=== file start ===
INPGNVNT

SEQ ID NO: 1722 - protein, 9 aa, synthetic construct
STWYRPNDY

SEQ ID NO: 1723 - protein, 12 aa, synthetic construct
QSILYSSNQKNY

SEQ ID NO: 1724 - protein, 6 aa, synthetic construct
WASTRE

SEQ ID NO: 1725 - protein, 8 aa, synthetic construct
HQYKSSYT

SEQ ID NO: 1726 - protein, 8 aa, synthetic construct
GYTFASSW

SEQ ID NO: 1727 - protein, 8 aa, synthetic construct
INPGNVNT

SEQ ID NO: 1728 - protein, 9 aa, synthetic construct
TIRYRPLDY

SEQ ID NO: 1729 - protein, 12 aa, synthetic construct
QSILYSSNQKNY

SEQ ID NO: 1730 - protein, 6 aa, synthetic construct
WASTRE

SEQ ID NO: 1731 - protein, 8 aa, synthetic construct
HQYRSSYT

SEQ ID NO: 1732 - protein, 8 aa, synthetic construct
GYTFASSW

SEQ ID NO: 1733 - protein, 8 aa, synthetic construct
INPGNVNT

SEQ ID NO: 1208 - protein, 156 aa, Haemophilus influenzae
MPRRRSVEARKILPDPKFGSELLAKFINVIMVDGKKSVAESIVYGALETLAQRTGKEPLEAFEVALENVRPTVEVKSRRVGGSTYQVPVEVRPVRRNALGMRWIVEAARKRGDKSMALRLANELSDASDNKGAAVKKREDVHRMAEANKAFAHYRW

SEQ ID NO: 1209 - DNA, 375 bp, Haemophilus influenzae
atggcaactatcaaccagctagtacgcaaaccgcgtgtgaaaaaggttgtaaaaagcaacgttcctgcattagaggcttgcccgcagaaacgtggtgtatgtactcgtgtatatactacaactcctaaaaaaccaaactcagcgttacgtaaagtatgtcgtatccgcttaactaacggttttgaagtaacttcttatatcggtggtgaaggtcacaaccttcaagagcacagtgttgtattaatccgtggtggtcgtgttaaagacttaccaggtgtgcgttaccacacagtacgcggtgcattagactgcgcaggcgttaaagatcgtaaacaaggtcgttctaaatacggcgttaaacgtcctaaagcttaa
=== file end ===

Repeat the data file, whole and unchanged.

INPGNVNT

SEQ ID NO: 1722 - protein, 9 aa, synthetic construct
STWYRPNDY

SEQ ID NO: 1723 - protein, 12 aa, synthetic construct
QSILYSSNQKNY

SEQ ID NO: 1724 - protein, 6 aa, synthetic construct
WASTRE

SEQ ID NO: 1725 - protein, 8 aa, synthetic construct
HQYKSSYT

SEQ ID NO: 1726 - protein, 8 aa, synthetic construct
GYTFASSW

SEQ ID NO: 1727 - protein, 8 aa, synthetic construct
INPGNVNT

SEQ ID NO: 1728 - protein, 9 aa, synthetic construct
TIRYRPLDY

SEQ ID NO: 1729 - protein, 12 aa, synthetic construct
QSILYSSNQKNY

SEQ ID NO: 1730 - protein, 6 aa, synthetic construct
WASTRE

SEQ ID NO: 1731 - protein, 8 aa, synthetic construct
HQYRSSYT

SEQ ID NO: 1732 - protein, 8 aa, synthetic construct
GYTFASSW

SEQ ID NO: 1733 - protein, 8 aa, synthetic construct
INPGNVNT

SEQ ID NO: 1208 - protein, 156 aa, Haemophilus influenzae
MPRRRSVEARKILPDPKFGSELLAKFINVIMVDGKKSVAESIVYGALETLAQRTGKEPLEAFEVALENVRPTVEVKSRRVGGSTYQVPVEVRPVRRNALGMRWIVEAARKRGDKSMALRLANELSDASDNKGAAVKKREDVHRMAEANKAFAHYRW

SEQ ID NO: 1209 - DNA, 375 bp, Haemophilus influenzae
atggcaactatcaaccagctagtacgcaaaccgcgtgtgaaaaaggttgtaaaaagcaacgttcctgcattagaggcttgcccgcagaaacgtggtgtatgtactcgtgtatatactacaactcctaaaaaaccaaactcagcgttacgtaaagtatgtcgtatccgcttaactaacggttttgaagtaacttcttatatcggtggtgaaggtcacaaccttcaagagcacagtgttgtattaatccgtggtggtcgtgttaaagacttaccaggtgtgcgttaccacacagtacgcggtgcattagactgcgcaggcgttaaagatcgtaaacaaggtcgttctaaatacggcgttaaacgtcctaaagcttaa